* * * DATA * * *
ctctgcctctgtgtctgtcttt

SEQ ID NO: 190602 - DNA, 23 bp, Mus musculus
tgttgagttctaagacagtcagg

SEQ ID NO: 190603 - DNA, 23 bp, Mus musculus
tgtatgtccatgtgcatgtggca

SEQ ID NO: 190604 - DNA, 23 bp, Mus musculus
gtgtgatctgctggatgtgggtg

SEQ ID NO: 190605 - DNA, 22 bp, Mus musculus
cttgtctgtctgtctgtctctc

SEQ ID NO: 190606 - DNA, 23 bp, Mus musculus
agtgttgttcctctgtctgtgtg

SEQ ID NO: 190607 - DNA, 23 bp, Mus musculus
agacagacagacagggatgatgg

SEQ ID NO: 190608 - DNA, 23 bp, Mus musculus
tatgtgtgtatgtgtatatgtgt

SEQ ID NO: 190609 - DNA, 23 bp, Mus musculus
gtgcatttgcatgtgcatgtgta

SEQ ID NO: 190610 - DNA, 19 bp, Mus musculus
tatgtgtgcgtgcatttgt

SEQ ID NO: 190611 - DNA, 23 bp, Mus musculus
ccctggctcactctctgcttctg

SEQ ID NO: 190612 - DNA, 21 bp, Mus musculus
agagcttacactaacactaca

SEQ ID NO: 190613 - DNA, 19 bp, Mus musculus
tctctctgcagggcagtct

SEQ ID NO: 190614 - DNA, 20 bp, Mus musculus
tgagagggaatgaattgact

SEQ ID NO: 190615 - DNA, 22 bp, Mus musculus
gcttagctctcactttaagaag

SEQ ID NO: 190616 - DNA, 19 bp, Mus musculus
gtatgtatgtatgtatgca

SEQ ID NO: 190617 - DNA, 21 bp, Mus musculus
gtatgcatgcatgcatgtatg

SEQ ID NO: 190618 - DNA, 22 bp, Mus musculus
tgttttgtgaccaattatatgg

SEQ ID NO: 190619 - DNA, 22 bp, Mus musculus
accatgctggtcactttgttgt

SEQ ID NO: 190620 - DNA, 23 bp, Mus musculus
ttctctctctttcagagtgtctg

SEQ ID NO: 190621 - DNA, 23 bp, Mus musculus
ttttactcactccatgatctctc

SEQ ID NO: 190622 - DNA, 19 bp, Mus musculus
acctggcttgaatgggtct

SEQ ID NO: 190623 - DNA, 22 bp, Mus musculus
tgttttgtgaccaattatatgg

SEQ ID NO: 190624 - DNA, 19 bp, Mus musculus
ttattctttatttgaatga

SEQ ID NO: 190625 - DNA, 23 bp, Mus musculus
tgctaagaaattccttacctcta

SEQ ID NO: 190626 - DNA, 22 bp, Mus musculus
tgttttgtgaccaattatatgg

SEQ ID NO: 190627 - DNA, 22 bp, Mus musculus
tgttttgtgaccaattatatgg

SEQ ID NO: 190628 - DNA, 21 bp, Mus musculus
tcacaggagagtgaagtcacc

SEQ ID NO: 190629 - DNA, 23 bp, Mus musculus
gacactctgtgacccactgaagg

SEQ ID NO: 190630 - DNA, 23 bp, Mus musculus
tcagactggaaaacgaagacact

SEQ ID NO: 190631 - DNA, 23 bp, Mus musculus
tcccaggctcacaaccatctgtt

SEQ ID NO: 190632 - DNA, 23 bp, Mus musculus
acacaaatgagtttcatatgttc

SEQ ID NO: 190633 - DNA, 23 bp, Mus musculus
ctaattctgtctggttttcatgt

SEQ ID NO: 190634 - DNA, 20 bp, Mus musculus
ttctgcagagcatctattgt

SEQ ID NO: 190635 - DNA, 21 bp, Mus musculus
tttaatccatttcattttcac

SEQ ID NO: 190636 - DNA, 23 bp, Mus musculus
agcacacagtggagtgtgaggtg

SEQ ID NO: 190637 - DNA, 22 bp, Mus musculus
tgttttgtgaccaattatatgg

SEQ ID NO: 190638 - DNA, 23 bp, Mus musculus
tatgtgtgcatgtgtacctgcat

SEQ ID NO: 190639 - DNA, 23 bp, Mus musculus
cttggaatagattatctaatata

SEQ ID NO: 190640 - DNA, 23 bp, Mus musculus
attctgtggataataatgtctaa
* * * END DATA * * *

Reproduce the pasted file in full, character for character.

ctctgcctctgtgtctgtcttt

SEQ ID NO: 190602 - DNA, 23 bp, Mus musculus
tgttgagttctaagacagtcagg

SEQ ID NO: 190603 - DNA, 23 bp, Mus musculus
tgtatgtccatgtgcatgtggca

SEQ ID NO: 190604 - DNA, 23 bp, Mus musculus
gtgtgatctgctggatgtgggtg

SEQ ID NO: 190605 - DNA, 22 bp, Mus musculus
cttgtctgtctgtctgtctctc

SEQ ID NO: 190606 - DNA, 23 bp, Mus musculus
agtgttgttcctctgtctgtgtg

SEQ ID NO: 190607 - DNA, 23 bp, Mus musculus
agacagacagacagggatgatgg

SEQ ID NO: 190608 - DNA, 23 bp, Mus musculus
tatgtgtgtatgtgtatatgtgt

SEQ ID NO: 190609 - DNA, 23 bp, Mus musculus
gtgcatttgcatgtgcatgtgta

SEQ ID NO: 190610 - DNA, 19 bp, Mus musculus
tatgtgtgcgtgcatttgt

SEQ ID NO: 190611 - DNA, 23 bp, Mus musculus
ccctggctcactctctgcttctg

SEQ ID NO: 190612 - DNA, 21 bp, Mus musculus
agagcttacactaacactaca

SEQ ID NO: 190613 - DNA, 19 bp, Mus musculus
tctctctgcagggcagtct

SEQ ID NO: 190614 - DNA, 20 bp, Mus musculus
tgagagggaatgaattgact

SEQ ID NO: 190615 - DNA, 22 bp, Mus musculus
gcttagctctcactttaagaag

SEQ ID NO: 190616 - DNA, 19 bp, Mus musculus
gtatgtatgtatgtatgca

SEQ ID NO: 190617 - DNA, 21 bp, Mus musculus
gtatgcatgcatgcatgtatg

SEQ ID NO: 190618 - DNA, 22 bp, Mus musculus
tgttttgtgaccaattatatgg

SEQ ID NO: 190619 - DNA, 22 bp, Mus musculus
accatgctggtcactttgttgt

SEQ ID NO: 190620 - DNA, 23 bp, Mus musculus
ttctctctctttcagagtgtctg

SEQ ID NO: 190621 - DNA, 23 bp, Mus musculus
ttttactcactccatgatctctc

SEQ ID NO: 190622 - DNA, 19 bp, Mus musculus
acctggcttgaatgggtct

SEQ ID NO: 190623 - DNA, 22 bp, Mus musculus
tgttttgtgaccaattatatgg

SEQ ID NO: 190624 - DNA, 19 bp, Mus musculus
ttattctttatttgaatga

SEQ ID NO: 190625 - DNA, 23 bp, Mus musculus
tgctaagaaattccttacctcta

SEQ ID NO: 190626 - DNA, 22 bp, Mus musculus
tgttttgtgaccaattatatgg

SEQ ID NO: 190627 - DNA, 22 bp, Mus musculus
tgttttgtgaccaattatatgg

SEQ ID NO: 190628 - DNA, 21 bp, Mus musculus
tcacaggagagtgaagtcacc

SEQ ID NO: 190629 - DNA, 23 bp, Mus musculus
gacactctgtgacccactgaagg

SEQ ID NO: 190630 - DNA, 23 bp, Mus musculus
tcagactggaaaacgaagacact

SEQ ID NO: 190631 - DNA, 23 bp, Mus musculus
tcccaggctcacaaccatctgtt

SEQ ID NO: 190632 - DNA, 23 bp, Mus musculus
acacaaatgagtttcatatgttc

SEQ ID NO: 190633 - DNA, 23 bp, Mus musculus
ctaattctgtctggttttcatgt

SEQ ID NO: 190634 - DNA, 20 bp, Mus musculus
ttctgcagagcatctattgt

SEQ ID NO: 190635 - DNA, 21 bp, Mus musculus
tttaatccatttcattttcac

SEQ ID NO: 190636 - DNA, 23 bp, Mus musculus
agcacacagtggagtgtgaggtg

SEQ ID NO: 190637 - DNA, 22 bp, Mus musculus
tgttttgtgaccaattatatgg

SEQ ID NO: 190638 - DNA, 23 bp, Mus musculus
tatgtgtgcatgtgtacctgcat

SEQ ID NO: 190639 - DNA, 23 bp, Mus musculus
cttggaatagattatctaatata

SEQ ID NO: 190640 - DNA, 23 bp, Mus musculus
attctgtggataataatgtctaa